This interesting book describes the characteristics of a democracy, a political system in which the government's power comes from its citizens. Democratic governments around the world are featured to show examples of direct and representative democracy, how elections work, and the different checks and balances put in place to avoid the so-called "tyranny of the majority."
This compelling book describes the characteristics of an oligarchy, a political system in which the government's power rests with a small but highly influential segment of a society. These groups are often distinguished by their family ties, wealth, social class, profession, or military might. Oligrachical governments throughout history are featured to show examples of how these groups attain and keep power, as well as how they govern.
This interesting book describes the characteristics of a theocracy, a political system in which a deity, or god, is considered to be the supreme ruler of the state. Religion plays the central role in governing, and representatives who govern are considered to be divinely guided. Theocratic governments around the world are featured to show examples of the relationship between church and state, how representatives are selected, and how laws are determined and enforced.
This fascinating book describes the characteristics of a dictatorship, a political system in which an individual has absolute power to rule without the consent of citizens. Dictatorships throughout history are featured to show examples of how these individuals attained their positions, either by force or by inheritance, why laws and constitutions do not constrain a dictator's actions, and how every aspect of citizens' lives can be regulated under this system.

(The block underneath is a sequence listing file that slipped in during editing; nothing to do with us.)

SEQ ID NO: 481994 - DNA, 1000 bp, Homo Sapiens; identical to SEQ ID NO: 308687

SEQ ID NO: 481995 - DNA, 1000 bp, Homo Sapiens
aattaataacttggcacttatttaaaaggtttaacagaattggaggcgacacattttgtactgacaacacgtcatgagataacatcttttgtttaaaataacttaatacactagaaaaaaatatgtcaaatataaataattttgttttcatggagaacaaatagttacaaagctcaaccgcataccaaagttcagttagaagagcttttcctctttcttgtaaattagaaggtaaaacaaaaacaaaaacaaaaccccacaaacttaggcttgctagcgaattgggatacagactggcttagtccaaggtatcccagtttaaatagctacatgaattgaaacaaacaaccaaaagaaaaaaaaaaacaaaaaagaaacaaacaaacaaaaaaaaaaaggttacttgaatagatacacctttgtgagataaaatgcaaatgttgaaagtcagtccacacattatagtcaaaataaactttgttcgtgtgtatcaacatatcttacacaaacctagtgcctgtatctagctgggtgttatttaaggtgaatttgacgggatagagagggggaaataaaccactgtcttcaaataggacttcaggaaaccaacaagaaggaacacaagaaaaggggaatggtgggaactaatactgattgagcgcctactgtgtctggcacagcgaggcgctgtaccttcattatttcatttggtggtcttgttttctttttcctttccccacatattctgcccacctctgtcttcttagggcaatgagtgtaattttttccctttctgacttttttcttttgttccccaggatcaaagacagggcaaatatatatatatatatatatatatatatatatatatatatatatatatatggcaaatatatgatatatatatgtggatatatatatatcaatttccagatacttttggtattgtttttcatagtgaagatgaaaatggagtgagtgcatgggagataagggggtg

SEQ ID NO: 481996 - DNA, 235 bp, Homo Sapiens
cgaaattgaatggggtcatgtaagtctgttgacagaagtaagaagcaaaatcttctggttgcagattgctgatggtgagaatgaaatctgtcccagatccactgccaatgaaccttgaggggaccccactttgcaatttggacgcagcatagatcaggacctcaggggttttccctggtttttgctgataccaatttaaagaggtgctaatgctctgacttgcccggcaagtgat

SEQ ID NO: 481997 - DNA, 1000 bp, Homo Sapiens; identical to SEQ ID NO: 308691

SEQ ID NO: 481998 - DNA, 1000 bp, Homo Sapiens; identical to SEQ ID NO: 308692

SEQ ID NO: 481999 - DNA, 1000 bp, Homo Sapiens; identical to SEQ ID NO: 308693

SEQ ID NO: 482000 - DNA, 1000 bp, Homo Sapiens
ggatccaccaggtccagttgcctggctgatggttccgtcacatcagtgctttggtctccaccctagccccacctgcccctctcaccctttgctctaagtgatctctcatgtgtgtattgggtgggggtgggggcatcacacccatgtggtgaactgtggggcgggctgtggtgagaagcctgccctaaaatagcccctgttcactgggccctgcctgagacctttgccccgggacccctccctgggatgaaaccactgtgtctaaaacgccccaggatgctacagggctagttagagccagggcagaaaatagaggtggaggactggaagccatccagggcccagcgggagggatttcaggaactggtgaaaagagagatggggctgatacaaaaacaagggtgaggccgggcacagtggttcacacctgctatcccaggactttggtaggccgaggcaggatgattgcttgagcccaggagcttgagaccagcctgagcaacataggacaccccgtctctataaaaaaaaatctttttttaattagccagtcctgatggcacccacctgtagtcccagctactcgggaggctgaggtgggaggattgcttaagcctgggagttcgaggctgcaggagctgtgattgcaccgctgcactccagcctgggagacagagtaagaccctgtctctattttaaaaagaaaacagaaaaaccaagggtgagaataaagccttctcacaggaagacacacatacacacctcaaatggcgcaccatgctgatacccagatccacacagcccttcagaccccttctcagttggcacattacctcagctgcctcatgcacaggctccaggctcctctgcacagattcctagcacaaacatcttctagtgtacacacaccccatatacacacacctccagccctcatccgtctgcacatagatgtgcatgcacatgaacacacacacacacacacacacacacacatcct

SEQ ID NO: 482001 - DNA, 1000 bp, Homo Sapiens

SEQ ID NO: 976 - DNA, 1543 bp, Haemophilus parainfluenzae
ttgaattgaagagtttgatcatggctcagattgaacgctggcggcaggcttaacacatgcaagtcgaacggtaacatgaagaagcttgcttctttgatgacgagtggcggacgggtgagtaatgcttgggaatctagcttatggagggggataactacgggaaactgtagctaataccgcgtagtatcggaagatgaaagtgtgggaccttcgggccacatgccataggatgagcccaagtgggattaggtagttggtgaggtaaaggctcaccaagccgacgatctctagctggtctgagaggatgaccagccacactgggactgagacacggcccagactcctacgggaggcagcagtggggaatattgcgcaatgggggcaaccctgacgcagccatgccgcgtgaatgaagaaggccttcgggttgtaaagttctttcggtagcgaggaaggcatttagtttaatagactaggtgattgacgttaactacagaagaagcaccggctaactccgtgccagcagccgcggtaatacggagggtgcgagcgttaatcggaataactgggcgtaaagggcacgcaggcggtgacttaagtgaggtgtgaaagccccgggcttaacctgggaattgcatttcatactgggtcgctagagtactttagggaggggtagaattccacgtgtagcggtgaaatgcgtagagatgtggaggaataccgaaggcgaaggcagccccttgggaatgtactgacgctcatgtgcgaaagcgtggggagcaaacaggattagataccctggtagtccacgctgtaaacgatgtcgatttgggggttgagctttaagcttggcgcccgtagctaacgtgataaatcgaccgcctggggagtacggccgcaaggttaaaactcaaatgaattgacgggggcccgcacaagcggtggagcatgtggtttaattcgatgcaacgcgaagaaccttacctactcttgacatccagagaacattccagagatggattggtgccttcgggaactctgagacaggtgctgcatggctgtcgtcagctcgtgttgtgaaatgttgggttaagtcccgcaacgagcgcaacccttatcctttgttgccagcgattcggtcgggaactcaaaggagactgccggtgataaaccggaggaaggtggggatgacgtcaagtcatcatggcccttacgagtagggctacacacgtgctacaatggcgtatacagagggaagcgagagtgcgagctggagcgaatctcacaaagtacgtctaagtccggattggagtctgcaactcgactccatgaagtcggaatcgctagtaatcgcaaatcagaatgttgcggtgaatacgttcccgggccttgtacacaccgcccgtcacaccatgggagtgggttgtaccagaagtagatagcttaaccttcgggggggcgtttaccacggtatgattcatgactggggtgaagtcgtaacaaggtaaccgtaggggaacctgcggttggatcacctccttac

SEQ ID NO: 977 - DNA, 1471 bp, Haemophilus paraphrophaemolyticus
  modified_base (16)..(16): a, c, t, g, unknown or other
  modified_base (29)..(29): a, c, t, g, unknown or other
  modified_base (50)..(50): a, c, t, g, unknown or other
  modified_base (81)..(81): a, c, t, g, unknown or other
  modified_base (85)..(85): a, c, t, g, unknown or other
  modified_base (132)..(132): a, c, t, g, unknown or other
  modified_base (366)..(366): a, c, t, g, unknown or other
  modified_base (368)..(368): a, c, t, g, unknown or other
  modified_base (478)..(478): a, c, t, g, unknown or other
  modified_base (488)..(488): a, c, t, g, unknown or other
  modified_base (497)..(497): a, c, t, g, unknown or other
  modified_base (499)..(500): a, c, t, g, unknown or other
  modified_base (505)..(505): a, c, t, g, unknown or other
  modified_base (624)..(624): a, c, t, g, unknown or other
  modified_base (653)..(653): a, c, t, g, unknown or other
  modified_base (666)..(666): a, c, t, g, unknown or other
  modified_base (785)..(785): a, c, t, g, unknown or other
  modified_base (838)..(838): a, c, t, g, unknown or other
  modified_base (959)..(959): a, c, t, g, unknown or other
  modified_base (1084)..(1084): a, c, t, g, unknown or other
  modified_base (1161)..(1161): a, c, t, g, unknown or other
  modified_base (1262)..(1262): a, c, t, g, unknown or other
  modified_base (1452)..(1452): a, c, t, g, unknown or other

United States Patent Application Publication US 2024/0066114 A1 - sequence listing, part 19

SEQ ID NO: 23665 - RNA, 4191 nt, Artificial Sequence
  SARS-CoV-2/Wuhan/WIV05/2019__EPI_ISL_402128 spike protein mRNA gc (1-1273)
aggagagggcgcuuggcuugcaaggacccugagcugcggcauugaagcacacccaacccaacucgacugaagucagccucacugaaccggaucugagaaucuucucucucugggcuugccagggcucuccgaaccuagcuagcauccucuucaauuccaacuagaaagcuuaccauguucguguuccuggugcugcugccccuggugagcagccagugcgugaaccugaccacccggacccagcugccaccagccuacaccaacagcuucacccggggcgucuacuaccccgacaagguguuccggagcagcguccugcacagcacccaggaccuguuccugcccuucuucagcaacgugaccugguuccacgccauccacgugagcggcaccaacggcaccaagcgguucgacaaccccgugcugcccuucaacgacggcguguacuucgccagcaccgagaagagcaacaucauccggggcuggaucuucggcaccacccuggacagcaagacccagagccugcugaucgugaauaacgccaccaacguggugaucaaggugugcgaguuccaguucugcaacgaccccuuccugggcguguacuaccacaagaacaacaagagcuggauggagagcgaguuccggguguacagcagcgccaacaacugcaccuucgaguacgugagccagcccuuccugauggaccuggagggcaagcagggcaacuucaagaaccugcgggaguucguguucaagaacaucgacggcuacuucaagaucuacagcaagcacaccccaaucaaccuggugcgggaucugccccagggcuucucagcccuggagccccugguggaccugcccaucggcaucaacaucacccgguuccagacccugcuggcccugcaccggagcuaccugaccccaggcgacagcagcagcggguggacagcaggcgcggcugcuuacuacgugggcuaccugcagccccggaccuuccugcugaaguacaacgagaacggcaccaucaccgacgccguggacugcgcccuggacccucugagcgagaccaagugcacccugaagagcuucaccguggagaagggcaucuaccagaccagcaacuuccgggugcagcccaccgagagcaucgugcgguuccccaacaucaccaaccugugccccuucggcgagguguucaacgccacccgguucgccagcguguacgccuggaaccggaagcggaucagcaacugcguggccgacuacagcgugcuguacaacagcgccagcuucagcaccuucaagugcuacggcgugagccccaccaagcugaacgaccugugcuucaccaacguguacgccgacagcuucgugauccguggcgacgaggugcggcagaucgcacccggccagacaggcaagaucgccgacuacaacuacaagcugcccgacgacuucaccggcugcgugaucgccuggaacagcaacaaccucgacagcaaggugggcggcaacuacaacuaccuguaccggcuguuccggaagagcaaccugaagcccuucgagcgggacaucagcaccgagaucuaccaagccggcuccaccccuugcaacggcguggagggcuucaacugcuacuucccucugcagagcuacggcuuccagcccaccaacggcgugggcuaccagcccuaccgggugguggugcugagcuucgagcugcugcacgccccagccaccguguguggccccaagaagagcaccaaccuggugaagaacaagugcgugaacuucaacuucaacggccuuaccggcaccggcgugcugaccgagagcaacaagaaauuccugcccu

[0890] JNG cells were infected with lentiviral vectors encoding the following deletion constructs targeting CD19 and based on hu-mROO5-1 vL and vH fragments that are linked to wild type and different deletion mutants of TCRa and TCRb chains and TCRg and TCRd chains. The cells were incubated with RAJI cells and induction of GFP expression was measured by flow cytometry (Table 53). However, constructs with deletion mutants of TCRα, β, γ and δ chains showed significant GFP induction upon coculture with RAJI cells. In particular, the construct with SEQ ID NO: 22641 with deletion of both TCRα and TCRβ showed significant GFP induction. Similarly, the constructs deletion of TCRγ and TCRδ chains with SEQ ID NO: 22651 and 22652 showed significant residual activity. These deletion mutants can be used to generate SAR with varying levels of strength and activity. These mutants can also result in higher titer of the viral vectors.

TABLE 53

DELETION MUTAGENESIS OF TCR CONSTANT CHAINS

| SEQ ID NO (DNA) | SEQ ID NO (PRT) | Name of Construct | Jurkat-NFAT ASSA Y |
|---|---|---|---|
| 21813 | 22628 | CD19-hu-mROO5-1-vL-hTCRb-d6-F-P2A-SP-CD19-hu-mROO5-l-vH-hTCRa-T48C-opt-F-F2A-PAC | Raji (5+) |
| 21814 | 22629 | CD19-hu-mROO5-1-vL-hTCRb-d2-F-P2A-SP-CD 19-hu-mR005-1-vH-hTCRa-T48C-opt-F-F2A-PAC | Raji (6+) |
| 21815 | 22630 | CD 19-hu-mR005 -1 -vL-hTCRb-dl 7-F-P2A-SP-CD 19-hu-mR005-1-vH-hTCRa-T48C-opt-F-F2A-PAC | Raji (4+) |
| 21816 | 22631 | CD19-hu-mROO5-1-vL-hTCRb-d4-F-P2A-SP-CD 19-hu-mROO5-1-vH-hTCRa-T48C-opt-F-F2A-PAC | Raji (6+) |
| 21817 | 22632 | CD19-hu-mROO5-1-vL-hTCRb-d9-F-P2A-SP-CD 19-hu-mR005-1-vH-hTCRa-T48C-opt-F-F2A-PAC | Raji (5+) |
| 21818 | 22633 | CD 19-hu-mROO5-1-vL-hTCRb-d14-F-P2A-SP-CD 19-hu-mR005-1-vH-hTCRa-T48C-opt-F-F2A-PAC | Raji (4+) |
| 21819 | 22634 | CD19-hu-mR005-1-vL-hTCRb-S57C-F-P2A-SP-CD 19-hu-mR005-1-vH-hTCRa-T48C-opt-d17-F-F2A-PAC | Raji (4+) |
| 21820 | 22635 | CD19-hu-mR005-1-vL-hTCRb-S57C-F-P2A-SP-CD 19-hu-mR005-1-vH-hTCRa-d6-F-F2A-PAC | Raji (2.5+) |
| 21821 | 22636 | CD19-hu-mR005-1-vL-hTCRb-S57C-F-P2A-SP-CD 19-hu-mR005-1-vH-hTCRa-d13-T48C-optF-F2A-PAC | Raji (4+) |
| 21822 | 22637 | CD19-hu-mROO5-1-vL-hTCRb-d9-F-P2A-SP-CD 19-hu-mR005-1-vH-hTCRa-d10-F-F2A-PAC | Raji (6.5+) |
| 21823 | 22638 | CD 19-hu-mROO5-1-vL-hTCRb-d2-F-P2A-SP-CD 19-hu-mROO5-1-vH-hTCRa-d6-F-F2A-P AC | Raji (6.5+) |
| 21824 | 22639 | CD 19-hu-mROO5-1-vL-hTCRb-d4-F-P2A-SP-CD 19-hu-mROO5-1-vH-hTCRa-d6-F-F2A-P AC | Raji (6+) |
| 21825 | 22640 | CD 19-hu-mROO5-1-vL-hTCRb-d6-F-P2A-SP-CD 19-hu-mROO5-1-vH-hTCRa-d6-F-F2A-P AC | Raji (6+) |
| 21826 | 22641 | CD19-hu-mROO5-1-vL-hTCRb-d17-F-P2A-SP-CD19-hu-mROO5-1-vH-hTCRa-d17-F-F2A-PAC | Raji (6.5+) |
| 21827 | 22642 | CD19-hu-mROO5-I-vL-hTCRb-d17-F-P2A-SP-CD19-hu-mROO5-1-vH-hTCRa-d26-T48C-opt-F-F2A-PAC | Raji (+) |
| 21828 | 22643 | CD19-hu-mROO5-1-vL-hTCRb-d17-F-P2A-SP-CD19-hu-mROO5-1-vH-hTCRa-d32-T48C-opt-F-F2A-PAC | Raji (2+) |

This intriguing book describes the characteristics of a monarchy, a political system in which political power (usually inherited) rests with a monarch-a king or queen. Today, only six nations around the world are termed absolute monarchies in which the monarch has complete power. Other nations that have monarchs as heads of state are called constitutional monarchies because the monarch's role is only ceremonial. Monarchies throughout history are featured to show examples of succession within a royal family, the extent of the monarch's governing power, and the monarch's ceremonial duties.
The War of 1812 resulted in a surging sense of nationalism for both the United States and Canada. This fascinating book looks at the achievements of the military leaders and other key figures involved in the conflict during this time of nation-building. Brief biographies give details of their lives and describe the actions of such long-remembered heroes of the war as American President James Madison, Commodore Oliver Perry, General Andrew Jackson, Lieutenant Colonel Charles de Salaberry, Major General Isaac Brock, Shawnee Chief Tecumseh, and Laura Secord.
In 1812, the Napoleonic Wars in far-off Europe began a chain of actions that would lead the United States into war against Britain and its colonies in Canada in the New World. This fascinating book reveals how U.S. president James Madison declared war on Britain for harming U.S. trade with Europe by naval blockade, for impressing U.S. citizens into the service of the British Royal Navy, for siding with Native Americans against the U.S., and for standing in the way of American expansion to the north into Canada.